Apologies for two sale posts in a row, it’s been a busy month. Hoping to get back into regular poetry postings again soon. Blurb is having another 24-hour flash sale, 30% off your purchase total, today only. This would be a great time to pick up a copy of Where the World Bleeds Through, if you don’t already have one! Sale promo code: JUNEFLASH3RT
Where the World Bleeds Through is on sale for 25% off, today only. Blurb sales are few and far between these days, so this is a great opportunity to grab a copy if you don’t have one yet, for you or your friends and family! Promo code: MAYFLASH25 Art by Mark, poems by me, 100 page full size coffee table photo book, hardcover, 49 full colour prints. https://www.blurb.ca/b/9945798-where-the-world-bleeds-through
Hey look, we made a thing! Didn’t want to jump the gun and share anything until we got the test print back and made sure everything stuck to the paper. The first box of books arrived today, 12 in total, all shrink wrapped and ready to bring to the ArtSpace Book + Zine Fest next Saturday (Feb. 29). We’ll be frantically printing up a bunch of new art cards over the next few days to bring along as well. Website updates are next in line, but it might be a week or two before we’ll have individual prints available through Mark’s new site, we’ll make an announcement once that’s all set up. In the meantime, enjoy the brief preview!
So there you have it. That thing we said we were hoping to do for the past… er… decade? century? Just goes to show – never give up on your dreams, folks. Now if I can just get the other two things out the door before the end of the year (yeah yeah, novel, harp CD, ahem, working on it), we’ll have a perfect trifecta. Onward and upward, to infinity and beyond! And all that jazz.
My aspiration of becoming a novelist began at the tender age of eleven, when I wrote my very first book. It consisted of several pages of paper folded together, illustrated with appropriately childish drawings of a talking unicorn and her quest to find the end of the rainbow. Ever since then, I’ve been imagining what the reality of being a published author might be like, something that will finally be coming true in April of 2019. Of all the fantasies that have run through my mind on many a sleepless night (casting the movie version, rubbing shoulders with my favourite authors at some imaginary party), the idea of giving an interview falls more into the bad dream category. I’m a writer. I don’t do well being put on the spot. I like to take my time with things. In that vein, I’ve been writing and honing a blurb (mostly in my head) about what I might say, if I am ever asked who my early inspirations and influences were. Below is an extremely rough draft of what my response might be, were I forced to cram hours (if not days) of ramblings into a few short paragraphs.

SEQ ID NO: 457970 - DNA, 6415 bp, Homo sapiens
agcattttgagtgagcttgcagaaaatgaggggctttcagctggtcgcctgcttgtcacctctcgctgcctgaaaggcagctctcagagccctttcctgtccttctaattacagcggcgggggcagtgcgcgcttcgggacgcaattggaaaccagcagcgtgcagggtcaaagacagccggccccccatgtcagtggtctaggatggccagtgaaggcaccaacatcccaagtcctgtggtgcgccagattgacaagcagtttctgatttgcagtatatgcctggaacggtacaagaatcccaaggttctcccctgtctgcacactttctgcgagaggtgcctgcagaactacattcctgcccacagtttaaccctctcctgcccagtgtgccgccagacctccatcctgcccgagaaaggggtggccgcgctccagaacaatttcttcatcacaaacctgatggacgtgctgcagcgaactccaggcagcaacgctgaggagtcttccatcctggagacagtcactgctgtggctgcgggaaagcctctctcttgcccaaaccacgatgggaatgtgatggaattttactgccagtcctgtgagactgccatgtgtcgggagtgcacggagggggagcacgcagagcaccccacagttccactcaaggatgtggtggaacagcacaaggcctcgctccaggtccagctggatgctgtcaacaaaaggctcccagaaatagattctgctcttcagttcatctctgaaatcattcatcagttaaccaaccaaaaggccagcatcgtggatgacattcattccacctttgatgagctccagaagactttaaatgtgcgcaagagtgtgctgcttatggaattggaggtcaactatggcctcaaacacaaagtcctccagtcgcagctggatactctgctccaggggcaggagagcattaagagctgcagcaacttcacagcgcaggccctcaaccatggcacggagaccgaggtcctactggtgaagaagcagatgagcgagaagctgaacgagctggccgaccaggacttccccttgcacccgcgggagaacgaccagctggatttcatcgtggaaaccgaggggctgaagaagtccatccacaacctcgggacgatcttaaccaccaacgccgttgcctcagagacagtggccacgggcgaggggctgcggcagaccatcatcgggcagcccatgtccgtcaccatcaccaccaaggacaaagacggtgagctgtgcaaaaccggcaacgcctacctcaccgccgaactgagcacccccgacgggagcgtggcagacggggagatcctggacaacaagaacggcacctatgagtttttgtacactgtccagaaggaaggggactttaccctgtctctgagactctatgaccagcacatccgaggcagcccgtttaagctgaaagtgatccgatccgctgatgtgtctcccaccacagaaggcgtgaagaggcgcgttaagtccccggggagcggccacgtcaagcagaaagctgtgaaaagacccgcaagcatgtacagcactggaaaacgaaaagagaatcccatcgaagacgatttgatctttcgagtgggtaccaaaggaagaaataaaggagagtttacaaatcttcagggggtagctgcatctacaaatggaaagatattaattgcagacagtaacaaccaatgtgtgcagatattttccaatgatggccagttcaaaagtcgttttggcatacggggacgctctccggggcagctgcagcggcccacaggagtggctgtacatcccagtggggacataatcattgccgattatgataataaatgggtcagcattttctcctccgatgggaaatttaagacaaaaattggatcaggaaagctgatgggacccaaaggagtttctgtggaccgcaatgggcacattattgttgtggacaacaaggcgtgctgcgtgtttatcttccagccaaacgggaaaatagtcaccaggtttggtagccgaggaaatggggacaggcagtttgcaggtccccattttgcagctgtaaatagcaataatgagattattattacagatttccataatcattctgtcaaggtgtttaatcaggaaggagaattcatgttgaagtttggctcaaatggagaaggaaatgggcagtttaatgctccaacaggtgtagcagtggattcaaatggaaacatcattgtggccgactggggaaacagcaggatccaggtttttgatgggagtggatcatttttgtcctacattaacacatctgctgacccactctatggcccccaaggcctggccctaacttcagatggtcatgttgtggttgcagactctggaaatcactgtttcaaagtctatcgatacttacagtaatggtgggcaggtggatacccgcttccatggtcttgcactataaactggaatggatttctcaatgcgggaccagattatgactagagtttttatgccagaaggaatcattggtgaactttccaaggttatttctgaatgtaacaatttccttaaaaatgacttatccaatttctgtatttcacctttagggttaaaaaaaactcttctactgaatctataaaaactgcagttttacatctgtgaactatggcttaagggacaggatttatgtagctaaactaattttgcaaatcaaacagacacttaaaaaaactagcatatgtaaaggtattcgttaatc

The stories that I loved the most as a child (and later, young adult), the ones that drew me in the most completely, were those wherein the real world and the otherworldly overlapped, where you could step from one to the other – the idea that magic (like the TARDIS), might be hiding around any corner, that one might stumble across it at any moment.
Susan Cooper, Madenleine L’Engle and Peter S. Beagle all rank pretty highly as far as early influences go, along with Charles de Lint, Guy Gavriel Kay, Steven R. Boyett (author of Ariel), Barbara Hambly’s Dark series, and of course all the Narnia (C.S. Lewis) & Tolkien books. And later on, Tad Williams, Neil Gaiman (starting with the Sandman graphic novels), and Douglas Adams (who infused everything with his trademark blend of humour and not-so-subtle digs at the absurdity of the human condition).
A Wrinkle in Time in particular opened uncountable doors to new ideas for me. It got me thinking about alternate dimensions, quantum physics, and non-linear time long before Doctor Who entered my life. It fused fantasy and sci-fi ideas so that they became indistinguishable from each other.
One thing all of these authors have in common is that they show us, through story and metaphor, how everything is intertwined, how each life is important, how anyone can potentially do great things, if they’re given the right opportunity. They teach us how to think sideways, to imagine how things might be changed for the better – ideas I believe to be incredibly important for readers of all ages to embrace.
That’s the power of speculative fiction: rather than mere fluff and escapism, it is the very stuff that fuels our dreams – dreams which then lead us to invent, explore, improve, and create, and help us to embrace, and endeavor to understand, people from cultures far different from our own.
Below are three excellent articles that delve into what makes A Wrinkle in Time such a unique story, equally beloved, controversial, influential and enduring:
Teaser for the upcoming 2018 film: